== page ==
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Last week we learned from an interview with former Argentine president Néstor Kirchner that former president George W. Bush touted war as a cure to a nation’s economic ills. Bush has not contested that account. Moreover, yesterday he clarified his role in the torture of prisoners at CIA black sites. For two years, Republicans have argued against any inquiry into the torture practices of the Bush-Cheney administration, but apparently all it takes to get Bush to discuss the issue is a fat speaking fee. In a keynote address before the Economic Club of Grand Rapids, he spoke glibly about waterboarding:
Sure, we waterboarded Khalid Shaikh Mohammed, former President George W. Bush reportedly said on Tuesday. And he would “do it again to save lives.”
A group of thirteen retired admirals and generals meeting in Philadelphia to discuss national security issues, speaking through former CENTCOM commander General Joseph Hoar, responded:
Waterboarding is torture. John McCain has said it’s torture. We have prosecuted foreign and American military personnel for waterboarding. We even prosecuted a sheriff in Texas for waterboarding. Waterboarding is torture and torture is a crime. It cannot be demonstrated that any use of it by U.S. personnel in recent years has saved a single American life. To the contrary, the misguided belief that torture saves lives has cost America dearly. It is shocking that former President George W. Bush said he would use waterboarding ‘again to save lives.’ When he authorized it the first time he sent America down the wrong road, battering our alliances, damaging counterinsurgency efforts, and increasing threats to our soldiers.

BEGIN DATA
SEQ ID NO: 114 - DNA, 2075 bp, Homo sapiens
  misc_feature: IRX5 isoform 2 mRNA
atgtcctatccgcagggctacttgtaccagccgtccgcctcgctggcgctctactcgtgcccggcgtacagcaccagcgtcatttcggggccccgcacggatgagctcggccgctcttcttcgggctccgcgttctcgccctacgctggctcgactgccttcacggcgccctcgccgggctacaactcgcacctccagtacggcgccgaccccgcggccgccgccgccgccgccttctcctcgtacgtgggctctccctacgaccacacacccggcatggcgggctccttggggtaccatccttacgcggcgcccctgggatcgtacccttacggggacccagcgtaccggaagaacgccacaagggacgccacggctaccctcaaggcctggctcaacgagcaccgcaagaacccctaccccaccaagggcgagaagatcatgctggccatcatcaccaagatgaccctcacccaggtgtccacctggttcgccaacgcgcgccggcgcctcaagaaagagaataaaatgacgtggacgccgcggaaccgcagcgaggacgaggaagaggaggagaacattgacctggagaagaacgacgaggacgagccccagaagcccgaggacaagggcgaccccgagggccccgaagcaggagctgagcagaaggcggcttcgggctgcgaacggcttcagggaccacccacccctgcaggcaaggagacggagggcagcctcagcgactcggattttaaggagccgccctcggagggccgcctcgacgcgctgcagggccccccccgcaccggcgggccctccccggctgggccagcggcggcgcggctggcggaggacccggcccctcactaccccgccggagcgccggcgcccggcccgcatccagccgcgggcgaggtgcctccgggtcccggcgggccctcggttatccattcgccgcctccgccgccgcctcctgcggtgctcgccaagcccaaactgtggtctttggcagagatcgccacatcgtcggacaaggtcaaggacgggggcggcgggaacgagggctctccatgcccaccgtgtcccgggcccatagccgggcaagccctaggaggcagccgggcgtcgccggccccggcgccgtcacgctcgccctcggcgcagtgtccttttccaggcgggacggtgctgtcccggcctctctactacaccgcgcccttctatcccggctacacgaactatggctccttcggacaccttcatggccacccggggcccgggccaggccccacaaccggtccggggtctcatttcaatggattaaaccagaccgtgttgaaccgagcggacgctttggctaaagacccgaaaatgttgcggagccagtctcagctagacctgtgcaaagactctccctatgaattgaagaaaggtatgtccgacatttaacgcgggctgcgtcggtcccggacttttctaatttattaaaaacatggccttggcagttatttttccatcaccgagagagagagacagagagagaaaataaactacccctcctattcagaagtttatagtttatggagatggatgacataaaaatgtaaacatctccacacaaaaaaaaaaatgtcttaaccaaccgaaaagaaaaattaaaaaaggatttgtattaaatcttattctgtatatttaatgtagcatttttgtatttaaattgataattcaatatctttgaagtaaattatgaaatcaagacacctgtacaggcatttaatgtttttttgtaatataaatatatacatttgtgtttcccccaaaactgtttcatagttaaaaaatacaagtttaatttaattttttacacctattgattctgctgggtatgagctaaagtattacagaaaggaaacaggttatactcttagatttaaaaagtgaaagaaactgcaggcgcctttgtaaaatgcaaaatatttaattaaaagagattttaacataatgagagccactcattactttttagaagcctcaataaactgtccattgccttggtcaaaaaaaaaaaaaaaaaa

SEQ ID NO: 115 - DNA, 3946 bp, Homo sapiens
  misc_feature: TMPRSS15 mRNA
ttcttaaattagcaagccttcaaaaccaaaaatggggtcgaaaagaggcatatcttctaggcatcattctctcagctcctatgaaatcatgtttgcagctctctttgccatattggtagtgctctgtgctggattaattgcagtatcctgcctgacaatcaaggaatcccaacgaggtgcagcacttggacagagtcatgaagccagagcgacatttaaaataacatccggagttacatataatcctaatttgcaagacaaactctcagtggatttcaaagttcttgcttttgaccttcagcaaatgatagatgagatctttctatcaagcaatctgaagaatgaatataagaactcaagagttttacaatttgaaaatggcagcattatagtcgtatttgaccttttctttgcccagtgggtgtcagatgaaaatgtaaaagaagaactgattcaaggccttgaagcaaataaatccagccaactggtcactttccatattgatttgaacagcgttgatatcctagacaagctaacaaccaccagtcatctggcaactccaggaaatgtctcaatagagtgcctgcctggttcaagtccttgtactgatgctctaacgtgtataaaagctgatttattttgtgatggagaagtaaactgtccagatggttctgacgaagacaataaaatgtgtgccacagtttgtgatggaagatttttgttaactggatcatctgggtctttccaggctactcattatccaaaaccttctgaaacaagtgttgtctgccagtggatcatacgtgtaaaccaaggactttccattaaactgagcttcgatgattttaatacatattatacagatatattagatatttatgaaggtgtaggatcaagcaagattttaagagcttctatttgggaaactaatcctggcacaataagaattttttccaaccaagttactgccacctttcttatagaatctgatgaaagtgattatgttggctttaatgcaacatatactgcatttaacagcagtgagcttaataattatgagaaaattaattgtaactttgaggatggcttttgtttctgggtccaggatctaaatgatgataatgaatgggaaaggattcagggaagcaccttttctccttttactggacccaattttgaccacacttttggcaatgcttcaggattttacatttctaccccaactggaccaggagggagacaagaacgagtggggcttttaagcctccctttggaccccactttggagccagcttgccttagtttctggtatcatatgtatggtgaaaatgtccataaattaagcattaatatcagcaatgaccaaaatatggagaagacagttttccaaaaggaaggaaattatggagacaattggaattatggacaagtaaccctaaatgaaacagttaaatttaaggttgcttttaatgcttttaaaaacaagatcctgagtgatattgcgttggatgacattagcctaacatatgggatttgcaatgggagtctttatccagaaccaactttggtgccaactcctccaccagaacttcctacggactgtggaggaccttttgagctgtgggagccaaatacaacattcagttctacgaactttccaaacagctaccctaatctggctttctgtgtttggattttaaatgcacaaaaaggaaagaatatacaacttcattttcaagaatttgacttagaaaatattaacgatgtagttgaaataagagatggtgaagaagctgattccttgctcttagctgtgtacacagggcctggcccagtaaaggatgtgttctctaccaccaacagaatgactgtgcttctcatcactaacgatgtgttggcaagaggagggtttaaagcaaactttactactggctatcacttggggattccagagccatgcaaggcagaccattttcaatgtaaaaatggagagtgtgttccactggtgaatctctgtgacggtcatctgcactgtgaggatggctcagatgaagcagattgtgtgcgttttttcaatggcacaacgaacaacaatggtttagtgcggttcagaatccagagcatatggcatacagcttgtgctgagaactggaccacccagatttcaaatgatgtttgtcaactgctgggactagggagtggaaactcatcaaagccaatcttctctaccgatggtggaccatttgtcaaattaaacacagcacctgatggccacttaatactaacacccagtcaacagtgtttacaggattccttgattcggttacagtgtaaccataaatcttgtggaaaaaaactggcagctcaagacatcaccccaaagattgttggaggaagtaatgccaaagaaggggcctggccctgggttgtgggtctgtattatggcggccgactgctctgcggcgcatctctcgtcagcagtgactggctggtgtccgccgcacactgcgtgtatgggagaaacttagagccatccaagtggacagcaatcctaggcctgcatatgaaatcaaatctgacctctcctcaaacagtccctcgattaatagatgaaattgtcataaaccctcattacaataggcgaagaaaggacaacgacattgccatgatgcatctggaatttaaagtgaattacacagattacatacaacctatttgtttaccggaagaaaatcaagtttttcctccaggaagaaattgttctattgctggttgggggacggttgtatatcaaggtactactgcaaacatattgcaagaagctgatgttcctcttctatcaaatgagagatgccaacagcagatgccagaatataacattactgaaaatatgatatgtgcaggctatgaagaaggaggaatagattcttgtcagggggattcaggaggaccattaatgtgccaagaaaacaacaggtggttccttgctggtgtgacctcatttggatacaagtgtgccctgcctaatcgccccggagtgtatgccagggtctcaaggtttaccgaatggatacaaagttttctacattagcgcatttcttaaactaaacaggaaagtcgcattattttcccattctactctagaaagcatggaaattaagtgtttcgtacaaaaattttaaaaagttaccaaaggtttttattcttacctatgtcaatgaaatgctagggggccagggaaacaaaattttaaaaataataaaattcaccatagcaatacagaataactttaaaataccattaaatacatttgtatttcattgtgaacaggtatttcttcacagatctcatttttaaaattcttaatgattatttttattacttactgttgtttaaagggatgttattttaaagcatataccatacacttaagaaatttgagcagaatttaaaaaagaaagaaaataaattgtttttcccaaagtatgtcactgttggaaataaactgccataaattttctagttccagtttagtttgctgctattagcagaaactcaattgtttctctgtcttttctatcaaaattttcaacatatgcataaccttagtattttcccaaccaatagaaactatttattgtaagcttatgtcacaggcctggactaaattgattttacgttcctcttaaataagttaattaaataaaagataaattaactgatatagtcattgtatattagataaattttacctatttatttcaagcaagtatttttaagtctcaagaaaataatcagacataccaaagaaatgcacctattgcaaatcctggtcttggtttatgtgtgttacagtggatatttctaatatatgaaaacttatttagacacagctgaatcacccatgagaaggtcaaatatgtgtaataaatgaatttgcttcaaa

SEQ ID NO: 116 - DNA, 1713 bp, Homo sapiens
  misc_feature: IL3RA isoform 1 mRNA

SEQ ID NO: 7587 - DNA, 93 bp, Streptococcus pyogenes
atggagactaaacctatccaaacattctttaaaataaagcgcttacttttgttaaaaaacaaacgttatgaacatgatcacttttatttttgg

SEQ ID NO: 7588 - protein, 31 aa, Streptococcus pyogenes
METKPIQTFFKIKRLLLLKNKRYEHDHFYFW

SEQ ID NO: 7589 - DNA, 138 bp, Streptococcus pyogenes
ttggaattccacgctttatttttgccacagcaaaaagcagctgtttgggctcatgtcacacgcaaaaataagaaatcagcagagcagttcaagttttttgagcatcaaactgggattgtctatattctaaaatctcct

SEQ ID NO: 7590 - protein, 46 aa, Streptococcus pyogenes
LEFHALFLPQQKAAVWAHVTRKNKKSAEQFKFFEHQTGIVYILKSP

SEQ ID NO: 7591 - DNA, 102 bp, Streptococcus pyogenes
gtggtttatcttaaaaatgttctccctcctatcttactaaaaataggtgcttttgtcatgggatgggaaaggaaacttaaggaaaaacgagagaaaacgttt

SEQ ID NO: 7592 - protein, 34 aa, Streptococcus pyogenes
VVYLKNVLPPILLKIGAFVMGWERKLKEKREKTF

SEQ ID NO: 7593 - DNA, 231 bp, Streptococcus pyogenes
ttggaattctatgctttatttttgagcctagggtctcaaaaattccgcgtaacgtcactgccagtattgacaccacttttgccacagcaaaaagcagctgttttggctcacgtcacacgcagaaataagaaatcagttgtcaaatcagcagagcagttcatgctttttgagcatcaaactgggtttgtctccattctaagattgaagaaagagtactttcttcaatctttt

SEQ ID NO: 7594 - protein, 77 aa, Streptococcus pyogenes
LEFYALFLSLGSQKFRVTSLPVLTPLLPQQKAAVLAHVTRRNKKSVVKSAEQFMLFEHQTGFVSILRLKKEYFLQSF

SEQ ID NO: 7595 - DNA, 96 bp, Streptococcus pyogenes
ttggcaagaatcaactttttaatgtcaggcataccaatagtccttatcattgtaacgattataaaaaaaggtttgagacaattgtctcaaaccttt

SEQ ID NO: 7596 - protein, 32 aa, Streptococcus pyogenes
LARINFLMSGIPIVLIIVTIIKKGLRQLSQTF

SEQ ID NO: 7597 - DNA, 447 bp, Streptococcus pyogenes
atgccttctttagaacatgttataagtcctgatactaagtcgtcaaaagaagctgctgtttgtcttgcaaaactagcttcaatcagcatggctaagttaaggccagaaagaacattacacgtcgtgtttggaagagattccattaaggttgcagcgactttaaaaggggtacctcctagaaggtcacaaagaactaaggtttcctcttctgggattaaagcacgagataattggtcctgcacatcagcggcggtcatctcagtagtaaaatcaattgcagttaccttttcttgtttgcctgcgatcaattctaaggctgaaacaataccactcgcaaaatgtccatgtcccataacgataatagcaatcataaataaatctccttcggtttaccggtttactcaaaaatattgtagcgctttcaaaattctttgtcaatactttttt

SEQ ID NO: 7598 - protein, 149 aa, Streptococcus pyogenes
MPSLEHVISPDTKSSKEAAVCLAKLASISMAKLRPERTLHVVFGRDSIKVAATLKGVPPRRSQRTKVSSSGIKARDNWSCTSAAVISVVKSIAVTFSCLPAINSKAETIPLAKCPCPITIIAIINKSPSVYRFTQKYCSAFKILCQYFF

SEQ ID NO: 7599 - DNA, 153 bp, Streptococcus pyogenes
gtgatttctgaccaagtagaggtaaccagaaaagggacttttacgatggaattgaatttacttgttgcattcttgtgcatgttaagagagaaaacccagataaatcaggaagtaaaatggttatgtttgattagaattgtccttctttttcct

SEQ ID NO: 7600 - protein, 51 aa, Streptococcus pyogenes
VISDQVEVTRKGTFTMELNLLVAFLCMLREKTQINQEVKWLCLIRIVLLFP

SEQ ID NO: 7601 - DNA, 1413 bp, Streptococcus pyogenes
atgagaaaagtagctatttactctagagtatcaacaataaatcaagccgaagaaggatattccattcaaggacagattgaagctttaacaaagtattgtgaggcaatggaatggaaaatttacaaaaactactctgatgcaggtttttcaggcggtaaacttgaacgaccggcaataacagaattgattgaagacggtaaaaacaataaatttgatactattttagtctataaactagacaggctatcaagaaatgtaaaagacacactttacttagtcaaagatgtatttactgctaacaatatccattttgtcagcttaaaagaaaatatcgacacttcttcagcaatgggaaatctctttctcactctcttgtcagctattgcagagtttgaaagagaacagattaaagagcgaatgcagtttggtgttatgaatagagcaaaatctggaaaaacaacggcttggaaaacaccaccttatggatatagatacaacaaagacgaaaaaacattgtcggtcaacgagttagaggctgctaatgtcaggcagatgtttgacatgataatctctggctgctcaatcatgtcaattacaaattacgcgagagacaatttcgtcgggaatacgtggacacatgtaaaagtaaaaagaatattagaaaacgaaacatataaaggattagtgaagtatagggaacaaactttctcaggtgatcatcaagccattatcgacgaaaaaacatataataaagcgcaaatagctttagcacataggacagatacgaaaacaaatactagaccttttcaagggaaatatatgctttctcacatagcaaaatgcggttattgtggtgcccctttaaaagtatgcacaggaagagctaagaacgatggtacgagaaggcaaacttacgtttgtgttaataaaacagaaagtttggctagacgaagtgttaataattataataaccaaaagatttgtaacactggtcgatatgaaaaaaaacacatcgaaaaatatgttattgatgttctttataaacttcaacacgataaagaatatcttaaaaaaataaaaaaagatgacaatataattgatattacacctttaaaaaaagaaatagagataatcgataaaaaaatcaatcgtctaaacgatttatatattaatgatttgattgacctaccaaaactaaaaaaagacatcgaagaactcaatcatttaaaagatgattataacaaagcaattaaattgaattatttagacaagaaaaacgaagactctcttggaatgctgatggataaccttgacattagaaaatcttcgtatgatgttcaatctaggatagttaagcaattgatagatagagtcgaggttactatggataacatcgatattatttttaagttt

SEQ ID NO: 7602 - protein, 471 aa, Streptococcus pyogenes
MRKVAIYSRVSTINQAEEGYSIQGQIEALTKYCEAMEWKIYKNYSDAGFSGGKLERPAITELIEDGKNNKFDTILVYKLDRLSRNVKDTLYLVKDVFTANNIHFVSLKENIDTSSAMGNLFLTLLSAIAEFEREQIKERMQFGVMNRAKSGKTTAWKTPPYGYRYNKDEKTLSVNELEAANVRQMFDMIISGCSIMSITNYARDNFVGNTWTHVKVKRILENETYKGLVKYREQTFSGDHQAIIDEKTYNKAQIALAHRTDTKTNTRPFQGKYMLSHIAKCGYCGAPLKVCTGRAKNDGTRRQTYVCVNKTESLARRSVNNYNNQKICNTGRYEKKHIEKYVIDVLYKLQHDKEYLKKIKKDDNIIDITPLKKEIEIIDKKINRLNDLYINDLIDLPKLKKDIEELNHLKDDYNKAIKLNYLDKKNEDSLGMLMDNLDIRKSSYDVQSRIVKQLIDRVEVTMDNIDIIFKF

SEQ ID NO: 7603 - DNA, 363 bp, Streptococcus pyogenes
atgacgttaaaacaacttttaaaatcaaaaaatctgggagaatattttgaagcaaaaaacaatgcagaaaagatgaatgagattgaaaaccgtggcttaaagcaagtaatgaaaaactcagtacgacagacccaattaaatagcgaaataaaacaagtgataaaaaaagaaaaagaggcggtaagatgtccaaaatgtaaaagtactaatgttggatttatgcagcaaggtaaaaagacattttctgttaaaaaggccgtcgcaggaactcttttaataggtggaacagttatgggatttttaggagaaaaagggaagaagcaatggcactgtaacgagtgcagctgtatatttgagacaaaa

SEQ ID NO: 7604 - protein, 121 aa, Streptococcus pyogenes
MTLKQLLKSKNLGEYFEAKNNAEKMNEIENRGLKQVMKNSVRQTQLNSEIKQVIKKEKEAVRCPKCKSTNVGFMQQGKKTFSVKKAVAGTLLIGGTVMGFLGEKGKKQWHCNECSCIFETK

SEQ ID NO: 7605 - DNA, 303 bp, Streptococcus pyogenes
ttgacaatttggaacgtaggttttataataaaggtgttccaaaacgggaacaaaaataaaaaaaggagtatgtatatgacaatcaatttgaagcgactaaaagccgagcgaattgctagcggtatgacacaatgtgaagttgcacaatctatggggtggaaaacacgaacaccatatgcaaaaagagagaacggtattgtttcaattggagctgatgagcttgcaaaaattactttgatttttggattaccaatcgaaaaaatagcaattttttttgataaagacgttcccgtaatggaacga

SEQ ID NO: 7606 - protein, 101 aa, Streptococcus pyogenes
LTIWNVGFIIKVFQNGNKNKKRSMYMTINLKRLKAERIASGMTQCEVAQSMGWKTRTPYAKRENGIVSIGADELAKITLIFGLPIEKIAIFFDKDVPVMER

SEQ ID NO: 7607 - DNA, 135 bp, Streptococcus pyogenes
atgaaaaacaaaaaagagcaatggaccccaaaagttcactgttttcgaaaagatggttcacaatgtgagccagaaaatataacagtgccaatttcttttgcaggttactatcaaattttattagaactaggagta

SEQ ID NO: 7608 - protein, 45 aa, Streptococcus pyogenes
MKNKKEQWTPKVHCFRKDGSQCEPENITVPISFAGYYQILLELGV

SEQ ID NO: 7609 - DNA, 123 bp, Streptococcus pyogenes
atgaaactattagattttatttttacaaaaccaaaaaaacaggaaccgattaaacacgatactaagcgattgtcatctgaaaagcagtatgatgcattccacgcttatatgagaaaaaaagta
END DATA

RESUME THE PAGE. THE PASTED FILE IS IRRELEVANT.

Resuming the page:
Bush’s statement amounts to an admission of his role in a serious crime. He can speak and act without concern because the Obama White House has announced its intention not to enforce American domestic law, under which this conduct was a felony, and not to comply with the unequivocal treaty commitments of the Convention Against Torture, under which the United States is unconditionally obligated to undertake a criminal investigation. In this way, the sins of one regime have been assumed by its successor.
More from Scott Horton:
Six Questions — October 18, 2014, 8:00 pm
Nathaniel Raymond on CIA interrogation techniques.
Mark Denbeaux on the NCIS cover-up of three “suicides” at Guantánamo Bay Detention Camp
From the June 2014 issue
Amount that President Obama has added to America’s “brand value” according to the Nation Brands Index:
A study suggested that the health effects of exposure to nuclear radiation at Chernobyl were no worse than ill health resulting from smoking and normal urban air pollution.
A former New York City police officer who had been arrested in 2012 for exchanging online messages about cooking women alive and eating them, and for illegally accessing data about potential victims in law-enforcement databases, was sentenced to time served.
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“I hope that after reading the following pages the leaders of the Y. M. C. A. will start a campaign to induce good young men to do nothing. If so, I shall not have lived in vain.”